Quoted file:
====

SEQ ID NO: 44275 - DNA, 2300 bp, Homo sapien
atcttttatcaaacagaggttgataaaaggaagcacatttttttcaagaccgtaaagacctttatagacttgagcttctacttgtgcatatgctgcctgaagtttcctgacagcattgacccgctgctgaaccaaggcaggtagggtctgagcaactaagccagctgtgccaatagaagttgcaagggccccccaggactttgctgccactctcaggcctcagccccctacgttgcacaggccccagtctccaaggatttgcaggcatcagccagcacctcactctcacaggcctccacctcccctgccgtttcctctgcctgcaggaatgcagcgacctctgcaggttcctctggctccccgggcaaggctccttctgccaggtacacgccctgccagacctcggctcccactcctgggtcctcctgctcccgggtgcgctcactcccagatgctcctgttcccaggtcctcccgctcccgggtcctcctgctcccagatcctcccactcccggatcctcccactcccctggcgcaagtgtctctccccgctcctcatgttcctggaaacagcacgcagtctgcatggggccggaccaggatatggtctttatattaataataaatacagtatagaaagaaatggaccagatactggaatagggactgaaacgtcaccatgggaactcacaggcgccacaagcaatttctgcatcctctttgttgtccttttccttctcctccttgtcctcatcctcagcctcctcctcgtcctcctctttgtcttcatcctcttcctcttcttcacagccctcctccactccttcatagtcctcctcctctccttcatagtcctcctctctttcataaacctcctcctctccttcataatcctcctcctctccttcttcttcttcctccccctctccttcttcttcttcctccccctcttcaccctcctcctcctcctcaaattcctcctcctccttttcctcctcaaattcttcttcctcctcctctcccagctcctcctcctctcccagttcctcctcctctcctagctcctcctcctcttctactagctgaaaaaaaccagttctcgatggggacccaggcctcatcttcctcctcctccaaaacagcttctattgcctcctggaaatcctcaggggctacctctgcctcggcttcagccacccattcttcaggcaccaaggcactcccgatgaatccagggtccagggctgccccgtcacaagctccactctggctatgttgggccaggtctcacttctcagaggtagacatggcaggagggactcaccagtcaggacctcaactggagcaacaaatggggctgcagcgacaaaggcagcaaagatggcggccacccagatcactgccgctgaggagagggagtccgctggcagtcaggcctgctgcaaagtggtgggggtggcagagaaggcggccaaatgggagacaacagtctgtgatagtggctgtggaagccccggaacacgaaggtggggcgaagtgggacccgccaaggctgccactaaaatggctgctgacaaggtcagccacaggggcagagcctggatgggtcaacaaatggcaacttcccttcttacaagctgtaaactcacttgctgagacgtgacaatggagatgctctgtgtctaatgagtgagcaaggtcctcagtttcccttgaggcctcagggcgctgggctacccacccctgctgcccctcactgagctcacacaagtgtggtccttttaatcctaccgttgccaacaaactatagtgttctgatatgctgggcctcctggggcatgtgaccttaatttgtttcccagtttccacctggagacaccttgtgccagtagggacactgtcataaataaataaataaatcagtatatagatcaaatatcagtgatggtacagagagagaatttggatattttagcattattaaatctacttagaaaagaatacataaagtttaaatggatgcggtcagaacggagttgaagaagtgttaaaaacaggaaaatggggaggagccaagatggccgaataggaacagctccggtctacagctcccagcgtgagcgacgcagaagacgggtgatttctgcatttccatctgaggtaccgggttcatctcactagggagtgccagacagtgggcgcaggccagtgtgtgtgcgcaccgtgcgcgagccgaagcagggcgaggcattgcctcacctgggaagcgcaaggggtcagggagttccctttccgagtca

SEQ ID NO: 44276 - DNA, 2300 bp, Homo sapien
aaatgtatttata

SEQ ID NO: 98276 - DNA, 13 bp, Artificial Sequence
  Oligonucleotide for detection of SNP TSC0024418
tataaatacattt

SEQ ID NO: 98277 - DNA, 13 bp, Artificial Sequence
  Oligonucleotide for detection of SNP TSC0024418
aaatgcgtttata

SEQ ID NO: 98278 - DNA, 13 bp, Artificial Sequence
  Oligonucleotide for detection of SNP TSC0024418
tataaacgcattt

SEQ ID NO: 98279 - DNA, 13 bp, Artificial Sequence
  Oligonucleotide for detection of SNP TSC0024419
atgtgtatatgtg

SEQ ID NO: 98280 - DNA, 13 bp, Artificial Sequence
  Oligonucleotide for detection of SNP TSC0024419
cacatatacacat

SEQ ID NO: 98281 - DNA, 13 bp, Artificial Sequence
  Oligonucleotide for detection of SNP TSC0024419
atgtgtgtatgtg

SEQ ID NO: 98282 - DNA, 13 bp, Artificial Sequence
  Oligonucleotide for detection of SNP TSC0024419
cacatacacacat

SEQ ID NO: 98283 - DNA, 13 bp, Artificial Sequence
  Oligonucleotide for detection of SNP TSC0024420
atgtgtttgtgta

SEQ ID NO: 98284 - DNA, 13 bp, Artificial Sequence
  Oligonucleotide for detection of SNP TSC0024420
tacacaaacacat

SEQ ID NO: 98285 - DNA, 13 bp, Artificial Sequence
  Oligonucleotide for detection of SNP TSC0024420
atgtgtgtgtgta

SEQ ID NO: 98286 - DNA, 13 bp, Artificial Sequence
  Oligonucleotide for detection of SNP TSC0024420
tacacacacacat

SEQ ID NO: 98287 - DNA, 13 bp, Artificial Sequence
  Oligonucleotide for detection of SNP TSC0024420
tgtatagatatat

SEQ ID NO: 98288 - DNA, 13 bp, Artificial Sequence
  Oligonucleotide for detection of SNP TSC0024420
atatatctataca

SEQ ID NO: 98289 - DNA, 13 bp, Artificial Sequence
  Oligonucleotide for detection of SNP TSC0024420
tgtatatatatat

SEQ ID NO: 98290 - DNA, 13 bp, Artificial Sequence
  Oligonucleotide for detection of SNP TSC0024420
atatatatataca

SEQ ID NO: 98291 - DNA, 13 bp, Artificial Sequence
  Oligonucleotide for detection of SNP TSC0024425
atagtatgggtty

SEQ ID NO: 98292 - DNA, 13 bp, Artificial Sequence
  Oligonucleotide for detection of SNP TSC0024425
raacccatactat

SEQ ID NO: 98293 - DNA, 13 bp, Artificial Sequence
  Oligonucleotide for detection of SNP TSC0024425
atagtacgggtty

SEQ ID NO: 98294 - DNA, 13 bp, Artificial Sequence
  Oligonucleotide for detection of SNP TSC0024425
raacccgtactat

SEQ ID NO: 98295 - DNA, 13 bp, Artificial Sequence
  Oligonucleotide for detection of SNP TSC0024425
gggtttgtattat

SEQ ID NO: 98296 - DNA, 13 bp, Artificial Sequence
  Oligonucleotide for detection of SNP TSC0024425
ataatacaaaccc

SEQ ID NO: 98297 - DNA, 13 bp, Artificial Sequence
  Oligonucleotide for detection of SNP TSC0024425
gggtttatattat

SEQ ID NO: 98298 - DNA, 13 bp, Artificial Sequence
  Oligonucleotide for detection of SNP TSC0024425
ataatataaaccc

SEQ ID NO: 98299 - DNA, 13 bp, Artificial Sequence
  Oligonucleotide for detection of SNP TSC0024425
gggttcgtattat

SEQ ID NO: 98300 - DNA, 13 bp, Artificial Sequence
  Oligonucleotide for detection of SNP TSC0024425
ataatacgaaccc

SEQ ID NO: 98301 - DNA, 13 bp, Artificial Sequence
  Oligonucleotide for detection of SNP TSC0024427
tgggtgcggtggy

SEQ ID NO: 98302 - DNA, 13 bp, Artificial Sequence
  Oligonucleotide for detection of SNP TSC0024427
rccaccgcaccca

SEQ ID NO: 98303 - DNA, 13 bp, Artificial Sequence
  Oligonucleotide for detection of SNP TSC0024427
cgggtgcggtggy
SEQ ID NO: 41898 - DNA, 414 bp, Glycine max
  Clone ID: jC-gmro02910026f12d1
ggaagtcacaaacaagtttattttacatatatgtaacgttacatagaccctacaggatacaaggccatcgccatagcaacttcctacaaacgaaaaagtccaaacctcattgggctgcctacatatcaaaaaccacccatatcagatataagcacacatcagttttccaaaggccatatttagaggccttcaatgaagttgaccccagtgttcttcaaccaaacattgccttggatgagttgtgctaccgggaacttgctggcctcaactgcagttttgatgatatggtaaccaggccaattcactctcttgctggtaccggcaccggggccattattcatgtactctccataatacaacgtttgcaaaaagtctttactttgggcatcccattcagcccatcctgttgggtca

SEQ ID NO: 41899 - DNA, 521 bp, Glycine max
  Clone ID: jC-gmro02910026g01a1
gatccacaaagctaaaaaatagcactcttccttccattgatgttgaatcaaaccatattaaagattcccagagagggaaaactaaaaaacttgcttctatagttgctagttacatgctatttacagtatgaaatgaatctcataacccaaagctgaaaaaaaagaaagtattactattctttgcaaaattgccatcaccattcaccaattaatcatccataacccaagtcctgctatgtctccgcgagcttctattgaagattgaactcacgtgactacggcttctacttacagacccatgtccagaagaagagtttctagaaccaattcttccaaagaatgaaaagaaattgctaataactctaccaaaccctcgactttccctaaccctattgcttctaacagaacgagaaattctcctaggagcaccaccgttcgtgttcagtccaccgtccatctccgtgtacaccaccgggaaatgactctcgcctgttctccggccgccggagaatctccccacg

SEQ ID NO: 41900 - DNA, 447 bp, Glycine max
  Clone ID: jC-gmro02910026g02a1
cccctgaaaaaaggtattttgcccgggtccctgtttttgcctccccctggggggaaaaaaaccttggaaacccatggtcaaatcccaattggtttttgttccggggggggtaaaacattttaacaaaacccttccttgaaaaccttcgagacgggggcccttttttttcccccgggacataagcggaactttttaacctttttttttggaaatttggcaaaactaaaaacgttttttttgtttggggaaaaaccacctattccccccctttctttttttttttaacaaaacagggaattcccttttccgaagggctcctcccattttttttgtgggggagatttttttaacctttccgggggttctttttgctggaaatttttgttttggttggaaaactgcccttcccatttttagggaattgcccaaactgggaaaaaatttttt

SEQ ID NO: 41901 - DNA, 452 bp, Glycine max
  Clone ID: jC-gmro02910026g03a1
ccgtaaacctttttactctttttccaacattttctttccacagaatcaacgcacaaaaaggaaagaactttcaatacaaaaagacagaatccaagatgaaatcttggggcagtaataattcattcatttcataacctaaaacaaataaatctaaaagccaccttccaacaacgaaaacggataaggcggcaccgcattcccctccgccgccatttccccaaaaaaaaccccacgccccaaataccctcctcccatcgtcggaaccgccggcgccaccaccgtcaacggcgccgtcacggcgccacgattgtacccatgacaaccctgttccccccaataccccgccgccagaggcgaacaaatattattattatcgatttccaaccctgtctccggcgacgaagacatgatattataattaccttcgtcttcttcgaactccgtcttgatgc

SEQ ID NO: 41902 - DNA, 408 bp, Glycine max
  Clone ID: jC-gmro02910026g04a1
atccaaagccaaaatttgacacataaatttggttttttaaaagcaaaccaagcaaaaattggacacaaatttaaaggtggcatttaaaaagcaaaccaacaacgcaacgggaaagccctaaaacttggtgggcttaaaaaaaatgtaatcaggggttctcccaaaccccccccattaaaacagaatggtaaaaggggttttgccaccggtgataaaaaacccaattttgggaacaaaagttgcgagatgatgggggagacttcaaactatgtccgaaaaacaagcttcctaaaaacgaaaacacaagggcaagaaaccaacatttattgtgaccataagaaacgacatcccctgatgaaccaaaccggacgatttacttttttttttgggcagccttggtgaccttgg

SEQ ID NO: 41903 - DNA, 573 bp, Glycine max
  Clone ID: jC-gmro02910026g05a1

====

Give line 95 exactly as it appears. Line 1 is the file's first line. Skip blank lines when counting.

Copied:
SEQ ID NO: 41900 - DNA, 447 bp, Glycine max